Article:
An enthusiastic group of stake holders welcomed the Community Revitalization Vision Plan presented Jan. 31 at the Mojave Veterans Building.
The Kern County Planning and Community Development consultants showed what Mojave might look like in the future. The vision is based on wishes expressed in last years’ workshops, to which all community members were invited.
Supervisor Zack Scrivener greeted the 80 person crowd, thanking them “for their energy and time devoted” to the volunteer Revitalize Mojave group, sponsored by the Chamber of Commerce. The group has held monthly meetings devoted to improvement ideas since its kickoff in April 2012 as the Hometown Pride Revitalization group.
He announced that the supervisors are setting up a $1.5 million yearly fund devoted to improving the unincorporated areas of Mojave, Rosamond and Boron. The Renewable Energy Neighborhood Enhancement Wind will be known as RENEWBIZ. The money comes from revenue collected from the wind turbine power farms in Kern County. The administrator will be Michelle Vance, currently field representative for Supervisor Scrivener. Vance was the coordinator for Tehachapi’s very successful Main Street Depot rebuilding project. She has been guiding the efforts of the revitalize Mojave group. In order to participate in the funding, the grantee must have prepared a revitalization plan. Rosamond has previously completed its plan. Boron is starting its effort now, and hopes to have it completed by June.
Kern County Planning and Community Development Commissioner Lorelei Oviatt attended. She pointed out that federal funding from Community Block Development Grants is available to Mojave and Boron. It will be sought by the county.
The Mojave vision plan was prepared by Pacific Municipal Consultants [PMC] based on two days of workshops in September. The entire community was invited to say what they would like improved or established in Mojave. PMC then prepared a vision plan which incorporates these desires The Mojave area considered has boundaries of Oak Creek Rd. south to Meyer Rd., and O Street east to the railroad tracks along Sierra Highway. The objectives were to encourage business, improve public spaces and provide aesthetic character for the area.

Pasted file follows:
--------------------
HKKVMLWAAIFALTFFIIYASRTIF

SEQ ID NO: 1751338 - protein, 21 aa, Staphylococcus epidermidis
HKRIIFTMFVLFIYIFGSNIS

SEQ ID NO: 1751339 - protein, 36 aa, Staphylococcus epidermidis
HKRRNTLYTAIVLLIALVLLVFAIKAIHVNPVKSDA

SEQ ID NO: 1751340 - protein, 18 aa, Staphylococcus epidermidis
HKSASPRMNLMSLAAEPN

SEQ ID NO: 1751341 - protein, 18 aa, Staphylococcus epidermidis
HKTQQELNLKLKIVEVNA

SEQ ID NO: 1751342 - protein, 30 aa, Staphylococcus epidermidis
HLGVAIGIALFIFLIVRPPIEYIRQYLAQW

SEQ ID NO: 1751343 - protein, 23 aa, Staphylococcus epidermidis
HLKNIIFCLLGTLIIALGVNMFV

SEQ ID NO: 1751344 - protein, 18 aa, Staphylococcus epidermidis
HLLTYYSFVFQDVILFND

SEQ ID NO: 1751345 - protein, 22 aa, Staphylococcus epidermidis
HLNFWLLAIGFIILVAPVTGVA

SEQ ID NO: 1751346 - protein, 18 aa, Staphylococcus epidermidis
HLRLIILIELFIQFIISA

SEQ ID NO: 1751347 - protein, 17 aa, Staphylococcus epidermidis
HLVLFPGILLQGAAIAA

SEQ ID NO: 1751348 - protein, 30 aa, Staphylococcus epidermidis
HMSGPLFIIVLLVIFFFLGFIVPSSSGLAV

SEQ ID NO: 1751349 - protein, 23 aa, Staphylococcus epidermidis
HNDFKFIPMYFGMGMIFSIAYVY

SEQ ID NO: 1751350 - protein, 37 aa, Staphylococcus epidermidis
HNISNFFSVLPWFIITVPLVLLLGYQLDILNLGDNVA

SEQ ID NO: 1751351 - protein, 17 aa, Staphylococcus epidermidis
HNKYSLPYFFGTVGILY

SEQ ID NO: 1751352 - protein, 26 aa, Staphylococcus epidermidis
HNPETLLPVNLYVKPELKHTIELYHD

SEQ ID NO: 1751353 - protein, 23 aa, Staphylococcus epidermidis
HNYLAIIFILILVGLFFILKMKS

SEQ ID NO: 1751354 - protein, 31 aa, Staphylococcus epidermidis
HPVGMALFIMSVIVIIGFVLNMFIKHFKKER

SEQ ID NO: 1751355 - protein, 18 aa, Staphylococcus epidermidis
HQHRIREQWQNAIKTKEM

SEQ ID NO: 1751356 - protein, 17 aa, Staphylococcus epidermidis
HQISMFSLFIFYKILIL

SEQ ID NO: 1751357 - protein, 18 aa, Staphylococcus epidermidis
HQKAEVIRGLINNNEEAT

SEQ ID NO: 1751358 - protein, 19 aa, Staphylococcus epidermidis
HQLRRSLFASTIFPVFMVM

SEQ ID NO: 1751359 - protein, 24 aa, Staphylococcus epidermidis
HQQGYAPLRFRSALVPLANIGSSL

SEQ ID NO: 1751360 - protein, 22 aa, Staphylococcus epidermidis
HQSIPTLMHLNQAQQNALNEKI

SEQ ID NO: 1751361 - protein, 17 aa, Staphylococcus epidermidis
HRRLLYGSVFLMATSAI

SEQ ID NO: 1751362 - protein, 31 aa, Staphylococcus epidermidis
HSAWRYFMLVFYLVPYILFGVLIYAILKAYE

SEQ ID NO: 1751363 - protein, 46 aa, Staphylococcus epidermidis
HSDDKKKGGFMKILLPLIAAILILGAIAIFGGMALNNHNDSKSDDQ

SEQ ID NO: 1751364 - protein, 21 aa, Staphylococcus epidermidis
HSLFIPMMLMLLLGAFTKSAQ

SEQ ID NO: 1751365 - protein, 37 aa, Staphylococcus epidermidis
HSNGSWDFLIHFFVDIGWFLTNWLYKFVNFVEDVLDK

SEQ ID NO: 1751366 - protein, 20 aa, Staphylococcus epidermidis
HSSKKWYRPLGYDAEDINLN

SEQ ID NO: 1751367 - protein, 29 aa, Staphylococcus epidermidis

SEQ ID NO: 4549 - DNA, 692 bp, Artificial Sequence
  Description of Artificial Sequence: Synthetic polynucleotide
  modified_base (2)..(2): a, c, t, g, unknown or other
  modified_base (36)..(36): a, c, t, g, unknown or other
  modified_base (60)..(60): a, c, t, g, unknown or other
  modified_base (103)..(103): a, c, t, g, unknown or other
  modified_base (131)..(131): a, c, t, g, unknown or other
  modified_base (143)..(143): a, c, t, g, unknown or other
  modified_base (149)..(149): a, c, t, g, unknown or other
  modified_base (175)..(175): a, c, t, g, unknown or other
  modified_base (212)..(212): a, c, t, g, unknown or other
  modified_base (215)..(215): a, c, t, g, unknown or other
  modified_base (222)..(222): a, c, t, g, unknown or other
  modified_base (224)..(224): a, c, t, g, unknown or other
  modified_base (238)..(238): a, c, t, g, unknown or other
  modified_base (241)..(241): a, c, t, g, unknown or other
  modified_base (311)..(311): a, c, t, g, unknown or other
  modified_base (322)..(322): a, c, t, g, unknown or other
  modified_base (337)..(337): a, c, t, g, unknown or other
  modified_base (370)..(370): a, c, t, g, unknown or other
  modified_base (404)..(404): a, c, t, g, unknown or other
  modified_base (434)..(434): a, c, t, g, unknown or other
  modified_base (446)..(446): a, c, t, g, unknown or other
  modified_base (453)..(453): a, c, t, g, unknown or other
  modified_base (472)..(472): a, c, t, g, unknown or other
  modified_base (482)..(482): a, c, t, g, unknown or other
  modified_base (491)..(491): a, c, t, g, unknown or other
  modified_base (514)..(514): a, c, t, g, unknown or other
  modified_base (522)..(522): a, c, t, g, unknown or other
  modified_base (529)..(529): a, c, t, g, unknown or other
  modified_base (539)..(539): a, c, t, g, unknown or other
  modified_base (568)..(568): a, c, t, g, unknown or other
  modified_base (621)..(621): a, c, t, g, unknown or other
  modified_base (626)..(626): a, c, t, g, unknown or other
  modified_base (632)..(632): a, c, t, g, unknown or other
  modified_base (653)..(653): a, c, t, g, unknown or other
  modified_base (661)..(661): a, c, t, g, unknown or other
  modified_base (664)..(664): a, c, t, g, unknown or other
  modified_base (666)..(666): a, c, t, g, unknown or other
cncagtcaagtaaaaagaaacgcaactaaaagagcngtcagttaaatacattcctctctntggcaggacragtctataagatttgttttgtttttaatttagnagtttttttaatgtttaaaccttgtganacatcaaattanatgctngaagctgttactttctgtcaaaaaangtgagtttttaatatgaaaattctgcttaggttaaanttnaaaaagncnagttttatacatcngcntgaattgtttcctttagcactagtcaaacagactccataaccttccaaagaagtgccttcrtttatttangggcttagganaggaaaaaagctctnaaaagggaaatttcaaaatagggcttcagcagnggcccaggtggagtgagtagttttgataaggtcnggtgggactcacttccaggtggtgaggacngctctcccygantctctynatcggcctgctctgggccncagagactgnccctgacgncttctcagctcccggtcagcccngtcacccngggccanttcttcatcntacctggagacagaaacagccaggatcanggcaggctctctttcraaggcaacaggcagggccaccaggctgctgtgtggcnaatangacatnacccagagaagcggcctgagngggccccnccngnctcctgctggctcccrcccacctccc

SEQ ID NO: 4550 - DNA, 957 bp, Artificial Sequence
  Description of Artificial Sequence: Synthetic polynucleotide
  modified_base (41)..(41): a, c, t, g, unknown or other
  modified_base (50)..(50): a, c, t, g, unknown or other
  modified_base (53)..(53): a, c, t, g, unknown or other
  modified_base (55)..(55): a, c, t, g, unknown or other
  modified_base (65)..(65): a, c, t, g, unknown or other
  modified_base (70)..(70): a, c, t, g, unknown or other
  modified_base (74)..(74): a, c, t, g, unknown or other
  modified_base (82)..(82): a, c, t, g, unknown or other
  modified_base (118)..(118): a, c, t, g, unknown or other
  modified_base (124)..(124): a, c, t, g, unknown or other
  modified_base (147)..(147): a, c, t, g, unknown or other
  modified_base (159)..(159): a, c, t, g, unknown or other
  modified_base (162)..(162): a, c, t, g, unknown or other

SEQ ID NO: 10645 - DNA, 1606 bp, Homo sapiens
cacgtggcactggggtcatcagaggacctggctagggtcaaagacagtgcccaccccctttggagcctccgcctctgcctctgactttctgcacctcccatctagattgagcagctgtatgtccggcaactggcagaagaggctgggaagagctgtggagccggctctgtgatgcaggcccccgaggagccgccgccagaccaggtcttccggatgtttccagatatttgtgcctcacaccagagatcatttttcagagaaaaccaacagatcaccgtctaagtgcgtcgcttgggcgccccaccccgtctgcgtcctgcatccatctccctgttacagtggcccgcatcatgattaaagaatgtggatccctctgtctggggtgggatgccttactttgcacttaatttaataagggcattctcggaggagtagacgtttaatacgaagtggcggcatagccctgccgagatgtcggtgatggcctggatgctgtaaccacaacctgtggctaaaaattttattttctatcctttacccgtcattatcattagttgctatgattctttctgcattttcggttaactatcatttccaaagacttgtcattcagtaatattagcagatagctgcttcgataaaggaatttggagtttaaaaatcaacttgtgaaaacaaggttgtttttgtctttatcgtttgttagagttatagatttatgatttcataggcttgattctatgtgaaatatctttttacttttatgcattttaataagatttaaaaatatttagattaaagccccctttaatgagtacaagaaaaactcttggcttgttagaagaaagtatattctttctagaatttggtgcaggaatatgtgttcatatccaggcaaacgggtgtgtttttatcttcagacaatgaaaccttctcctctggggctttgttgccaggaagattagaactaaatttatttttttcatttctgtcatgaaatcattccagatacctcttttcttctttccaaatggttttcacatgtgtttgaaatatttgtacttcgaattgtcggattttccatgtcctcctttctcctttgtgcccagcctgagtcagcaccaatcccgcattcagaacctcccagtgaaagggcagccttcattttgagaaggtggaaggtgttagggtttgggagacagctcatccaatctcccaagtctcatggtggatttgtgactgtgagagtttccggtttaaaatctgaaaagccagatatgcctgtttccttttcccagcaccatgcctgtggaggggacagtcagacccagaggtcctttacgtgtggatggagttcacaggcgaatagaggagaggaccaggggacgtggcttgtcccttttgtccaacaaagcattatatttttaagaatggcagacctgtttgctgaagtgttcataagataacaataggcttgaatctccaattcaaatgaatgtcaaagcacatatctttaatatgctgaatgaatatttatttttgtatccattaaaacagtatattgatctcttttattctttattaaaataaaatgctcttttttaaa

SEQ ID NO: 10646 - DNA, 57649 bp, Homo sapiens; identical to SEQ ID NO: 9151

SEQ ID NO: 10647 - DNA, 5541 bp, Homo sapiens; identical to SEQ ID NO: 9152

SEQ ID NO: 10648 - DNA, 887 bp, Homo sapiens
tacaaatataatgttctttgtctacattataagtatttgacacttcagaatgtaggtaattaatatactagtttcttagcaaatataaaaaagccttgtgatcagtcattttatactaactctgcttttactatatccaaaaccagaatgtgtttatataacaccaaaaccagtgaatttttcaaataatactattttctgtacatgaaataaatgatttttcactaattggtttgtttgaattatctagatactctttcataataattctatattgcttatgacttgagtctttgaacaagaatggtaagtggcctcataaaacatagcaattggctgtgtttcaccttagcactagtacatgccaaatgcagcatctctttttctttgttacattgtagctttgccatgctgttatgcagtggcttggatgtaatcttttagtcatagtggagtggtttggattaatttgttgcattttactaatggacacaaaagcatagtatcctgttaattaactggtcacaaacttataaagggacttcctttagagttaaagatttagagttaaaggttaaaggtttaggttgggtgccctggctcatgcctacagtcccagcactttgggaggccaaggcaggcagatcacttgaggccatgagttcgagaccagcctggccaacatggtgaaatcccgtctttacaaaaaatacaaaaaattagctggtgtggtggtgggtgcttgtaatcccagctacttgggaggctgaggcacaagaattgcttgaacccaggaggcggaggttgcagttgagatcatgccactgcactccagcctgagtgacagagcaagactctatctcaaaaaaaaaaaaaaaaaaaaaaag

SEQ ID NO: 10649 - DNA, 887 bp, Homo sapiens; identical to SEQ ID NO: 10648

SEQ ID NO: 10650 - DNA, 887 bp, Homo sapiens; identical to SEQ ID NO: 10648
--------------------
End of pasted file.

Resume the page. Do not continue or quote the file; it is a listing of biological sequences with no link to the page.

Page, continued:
The plan shows a tree shaded Avenue K with continuous sidewalks as the focus of a pleasant area that includes a restored theater, an art alley, and restaurants and brew pubs. There are bike and pedestrian paths along the railroad tracks. At the south end of town is a commons area, with a charter school and grass boarded condominium housing. There are three entrance monument gateways to Avenue K along Sierra Highway. Eventually, there is a restored Harvey House hotel.
The plan is time phased, with accomplishments at 5, 15 and 25 years in the future. There will be a community development Website. PMC prepared a community action plan and a county action plan.
The community action plans includes seven items. These are divided into Beautify; Clean; Safety; Education; Health; Economic Vitality; and Festivities. Each has activities listed.
The county action plan is much larger. The seven items have multiple actions listed for each. Funding, three items, calls for seeking grants for streetscape and facade improvements and residential rehab. Land Use Design Policy, 22 items, includes code compliance enforcement. Circulation, 16 items, includes bike paths and sidewalks. Public realm, civic programs, 16 items, includes streets aping and lighting. Business retention, five items, includes buy local. Business recruitment, seven items, lists establishing a Website. Housing has two items, one of which is issuing a request for proposals for condominium building.
The attendee’s reactions were sought. Everyone was given sticky paper squares to post at the vision plan and along the action plan. These were headed “I Like” and “I Want” About 50 people stayed to work on the community action plan items, which was at two hours after the presentation began. It is notable that the attendees included several citizens of Boron and Tehachapi.